Interview: Mary DeMarle, Lead Writer for Deus Ex: Human Revolution

I recently had a chance to play through the first couple of hours of Deus Ex: Human Revolution at a closed-door press event hosted by publisher Square Enix. Parts one and two of the hands-on impressions focused on the opening section of the game (and its first proper mission), and I came away from the experience impressed by Eidos Montreal's seeming ability to harness much of what made the first game great, and hungry for more. After a day spent running around in the shoes of Human Revolution's brooding protagonist, Adam Jensen, I talked a bit with the game's Lead Writer and Narrative Designer, Mary DeMarle. Among other things, we discussed the game's themes of class warfare and technological Renaissance, the challenges of constructing a multi-layered conspiracy-fuelled narrative in a game driven by player choice, and creating content that helps make a world that feels real and alive. BOOM video 7409 Shacknews: First off, can you elaborate a bit more on the themes you focused on when writing Deus Ex: Human Revolution? Mary DeMarle: From a story perspective, we're dealing with a time, seventeen years from now, in which advances in biotechnology are making it possible for us to control our own evolution, through the use of these mechanical augmentations. So, through the use of everything from cybernetic arms and legs, to cybernetic brain chips and intelligence chips, we can actually become better than we are, from our biological roots. Shacknews: And how do people feel about the effects of this technological Renaissance? Mary DeMarle:Society, with that explosion of knowledge, is at a point where it might not quite be ready for that. There are groups that are saying, "Woah! Slow down! There are corporations that want to make money from this!" There are people who idealistically believe that this is what mankind is meant to do. And there are other people that are saying, "You're tampering with things that you don't understand. You're playing God, and you don't have the wisdom of God. You don't know the psychological effects." The game takes place at a time when mankind is wrestling with all of that, and you have forces on both sides that are pushing [things] in one direction or the other. We are really fundamentally asking you, on a deep level, to consider the issue for yourself, and consider it for that final judgement that Adam will have to make at the end. Shacknews: Though the game empowers the player to make meaningful and impactful choices, Adam Jensen seems like a pretty well-defined character. Was it difficult to reconcile player choice with a protagoinst who isn't simply a blank slate? Mary DeMarle: That's something we knew from the start we had to do, and there's a fine line you have to walk. But my philosophy is that we create a really strong character in Adam, and the very fact that we set you at a point where he's not yet sure what he feels, himself. We then hand that over to you [the player], so that you become the one that decides - through your experiences and how you play him - what you feel, and what he [Adam] feels. So, that's a crucial part of it. Shacknews: How did you go about constructing the story for Deus Ex: Human Revolution, and how did you approach creating the dizzying amount of the supplemental narrative content such as emails newspapers? Mary DeMarle: The way that I build the story is to start with your critical-path information: What is it that the player has to know, at the bare minimum, in order to understand it. And once you've got that down, you go and you start building the rest - all those additional layers of story. And you use those different means. So, we have television news. We also have newspaper stories - and these will also refelct your actions in the game. We have what we call the "e-books," and what we call the "xp-books" - which are also "e-books" but are specifically about augmentations. By finding these, in particular, you get XP-points that you can apply to your augmentations. And then we have pocket secretaries, which are like everyone's own personal cell phones, and then we have the emails on the computers as well. We use all those things to tell the story, create the world that you're living in, add more life to that universe, and show a world that exists outside of Adam Jensen. Shacknews: There was only one optional side-quest available in the demo. How big of a role will they play in the full game? Mary DeMarle: They become much more prevalent later on. Basically, when you get to some of the city-hub areas, then you'll encounter characters who will [provide side-quest options]. The way we wanted to design them... we didn't want to have sidequests that are like "Save the cat from the tree." We figured, you're playing a character that's on a very important mission. What's going to convince him to step off that path to help somebody? By doing the sidequests, you can find out more about Adam. You can find out more information about other characters in the game. You can find out more about the "augmentation issue." So [sidequests] all kind of expand the universe, while still keeping you focused on it.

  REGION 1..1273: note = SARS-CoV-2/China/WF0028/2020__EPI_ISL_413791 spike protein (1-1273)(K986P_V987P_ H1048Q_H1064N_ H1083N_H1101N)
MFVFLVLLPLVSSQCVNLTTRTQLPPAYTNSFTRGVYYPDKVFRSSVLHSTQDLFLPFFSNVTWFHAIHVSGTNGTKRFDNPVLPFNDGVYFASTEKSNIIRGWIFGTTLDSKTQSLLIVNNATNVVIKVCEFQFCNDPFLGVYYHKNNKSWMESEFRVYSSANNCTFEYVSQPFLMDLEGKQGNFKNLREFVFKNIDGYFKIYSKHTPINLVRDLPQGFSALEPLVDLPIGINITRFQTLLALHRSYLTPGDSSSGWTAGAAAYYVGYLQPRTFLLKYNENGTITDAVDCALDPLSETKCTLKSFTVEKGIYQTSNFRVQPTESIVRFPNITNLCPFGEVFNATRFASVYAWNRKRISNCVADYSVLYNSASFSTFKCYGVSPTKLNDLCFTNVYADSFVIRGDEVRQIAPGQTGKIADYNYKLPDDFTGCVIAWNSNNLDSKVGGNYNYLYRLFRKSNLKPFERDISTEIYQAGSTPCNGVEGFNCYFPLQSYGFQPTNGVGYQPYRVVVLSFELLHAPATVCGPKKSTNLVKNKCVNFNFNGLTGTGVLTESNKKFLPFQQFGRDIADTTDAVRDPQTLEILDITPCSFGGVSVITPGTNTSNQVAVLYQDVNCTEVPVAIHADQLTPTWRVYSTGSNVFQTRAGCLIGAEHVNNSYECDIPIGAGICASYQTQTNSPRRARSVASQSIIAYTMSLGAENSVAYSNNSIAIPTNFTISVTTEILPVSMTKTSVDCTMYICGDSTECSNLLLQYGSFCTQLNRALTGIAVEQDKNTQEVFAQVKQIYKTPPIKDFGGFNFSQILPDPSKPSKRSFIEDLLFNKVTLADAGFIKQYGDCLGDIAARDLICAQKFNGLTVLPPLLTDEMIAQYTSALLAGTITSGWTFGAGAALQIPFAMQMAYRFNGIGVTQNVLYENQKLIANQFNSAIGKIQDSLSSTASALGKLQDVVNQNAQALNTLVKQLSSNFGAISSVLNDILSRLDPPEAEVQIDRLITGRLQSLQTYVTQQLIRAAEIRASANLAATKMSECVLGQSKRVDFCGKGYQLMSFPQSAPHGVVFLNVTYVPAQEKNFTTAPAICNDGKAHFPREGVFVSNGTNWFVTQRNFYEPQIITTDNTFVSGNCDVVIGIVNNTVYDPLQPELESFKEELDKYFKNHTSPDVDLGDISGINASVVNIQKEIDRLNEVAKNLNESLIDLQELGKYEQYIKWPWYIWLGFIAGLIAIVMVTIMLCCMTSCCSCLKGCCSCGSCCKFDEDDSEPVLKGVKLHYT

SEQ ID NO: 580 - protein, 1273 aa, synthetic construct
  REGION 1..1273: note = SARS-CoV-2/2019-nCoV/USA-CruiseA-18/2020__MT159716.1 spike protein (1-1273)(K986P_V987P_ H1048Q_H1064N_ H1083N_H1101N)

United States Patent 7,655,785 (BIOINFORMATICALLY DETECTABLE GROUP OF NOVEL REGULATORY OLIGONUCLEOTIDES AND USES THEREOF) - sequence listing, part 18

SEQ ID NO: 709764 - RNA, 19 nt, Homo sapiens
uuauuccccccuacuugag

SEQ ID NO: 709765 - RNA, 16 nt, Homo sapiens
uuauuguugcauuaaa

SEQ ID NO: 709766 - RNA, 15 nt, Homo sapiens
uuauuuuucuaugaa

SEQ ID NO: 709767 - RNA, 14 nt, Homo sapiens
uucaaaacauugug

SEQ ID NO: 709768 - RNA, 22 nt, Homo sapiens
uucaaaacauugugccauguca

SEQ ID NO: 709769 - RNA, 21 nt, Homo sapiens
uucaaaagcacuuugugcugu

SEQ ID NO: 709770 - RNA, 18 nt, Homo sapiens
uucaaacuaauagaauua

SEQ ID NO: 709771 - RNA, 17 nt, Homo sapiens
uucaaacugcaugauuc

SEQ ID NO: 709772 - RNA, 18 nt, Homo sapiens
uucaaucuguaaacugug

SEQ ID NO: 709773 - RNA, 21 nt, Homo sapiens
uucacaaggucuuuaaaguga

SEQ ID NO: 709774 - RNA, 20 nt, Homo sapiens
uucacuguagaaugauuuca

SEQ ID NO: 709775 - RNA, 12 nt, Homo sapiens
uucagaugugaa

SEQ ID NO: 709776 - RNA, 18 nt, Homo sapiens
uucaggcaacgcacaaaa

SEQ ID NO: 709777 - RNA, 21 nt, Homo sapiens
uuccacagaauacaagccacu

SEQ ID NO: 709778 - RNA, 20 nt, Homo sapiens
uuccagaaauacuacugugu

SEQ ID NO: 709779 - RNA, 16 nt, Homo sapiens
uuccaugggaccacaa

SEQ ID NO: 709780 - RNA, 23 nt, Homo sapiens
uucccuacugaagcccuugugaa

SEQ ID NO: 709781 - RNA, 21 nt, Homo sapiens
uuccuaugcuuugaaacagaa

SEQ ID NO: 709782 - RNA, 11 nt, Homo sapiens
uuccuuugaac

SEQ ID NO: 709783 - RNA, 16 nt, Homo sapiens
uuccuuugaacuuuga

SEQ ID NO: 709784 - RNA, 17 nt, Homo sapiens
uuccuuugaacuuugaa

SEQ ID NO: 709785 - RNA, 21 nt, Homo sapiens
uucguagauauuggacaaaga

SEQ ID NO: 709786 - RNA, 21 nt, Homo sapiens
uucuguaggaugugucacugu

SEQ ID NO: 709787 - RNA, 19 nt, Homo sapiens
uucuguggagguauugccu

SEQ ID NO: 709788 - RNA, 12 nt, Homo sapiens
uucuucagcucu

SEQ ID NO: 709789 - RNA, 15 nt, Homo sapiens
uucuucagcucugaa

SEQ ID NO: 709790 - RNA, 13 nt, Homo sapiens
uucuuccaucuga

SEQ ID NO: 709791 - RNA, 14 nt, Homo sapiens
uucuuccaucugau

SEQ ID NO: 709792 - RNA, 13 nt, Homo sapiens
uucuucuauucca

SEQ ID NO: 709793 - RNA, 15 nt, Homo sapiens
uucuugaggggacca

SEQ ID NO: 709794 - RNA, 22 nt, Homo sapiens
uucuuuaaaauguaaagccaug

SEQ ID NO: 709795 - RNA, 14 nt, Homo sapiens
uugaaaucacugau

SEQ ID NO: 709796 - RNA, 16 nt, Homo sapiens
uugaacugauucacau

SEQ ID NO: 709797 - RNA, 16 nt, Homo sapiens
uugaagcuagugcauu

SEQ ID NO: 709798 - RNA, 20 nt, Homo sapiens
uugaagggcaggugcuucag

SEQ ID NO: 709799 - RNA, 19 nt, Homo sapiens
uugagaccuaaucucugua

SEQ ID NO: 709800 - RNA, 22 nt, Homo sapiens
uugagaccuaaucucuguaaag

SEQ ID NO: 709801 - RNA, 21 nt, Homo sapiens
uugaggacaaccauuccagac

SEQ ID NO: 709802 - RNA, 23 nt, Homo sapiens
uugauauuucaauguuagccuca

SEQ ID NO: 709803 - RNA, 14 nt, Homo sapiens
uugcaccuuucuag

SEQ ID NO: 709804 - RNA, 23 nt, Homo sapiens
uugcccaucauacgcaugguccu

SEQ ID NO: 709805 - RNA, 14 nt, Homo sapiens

You say you want a revolution? Well, you know...

Shacknews: Human Revolution is set twenty-five years before the original Deus Ex. That said, are there any tie-ins or nods to the original game that fans will appreciate? Mary DeMarle: There are tie-ins to the original game. [Fans] will recognize the references, and will potentially recognize some of the characters. You might see a little bit about their origins, or stuff like that. When you really think about it, it's hard to do too much, because this is twenty-five years before [the original game]. I mean, what were you doing twenty-five years ago? Shacknews: Would you mind describing how the in-game economy will work? Mary DeMarle: Eventually, when you get to the city-hubs, you can find these black market merchants that sell you things. You can also visit L.I.M.B (Liberty in Mind and Body) clinics that actually are the ones who equip people with augmentations. They sell you stuff like the nutrients and the Praxis kits, and things like that. Shacknews: The original Deus Ex is almost as lengthy as it is beloved. Optional side-quests aside, about how long will it take to play through the core story? Mary DeMarle: In our playtests, we generally had people work about six to eight hour days, playing it. And it took at least the full five days, maybe six days, for people to get through it. It's definitely at least twenty-five hours for a core-story playthrough. Shacknews: Thanks very much for your time, Mary!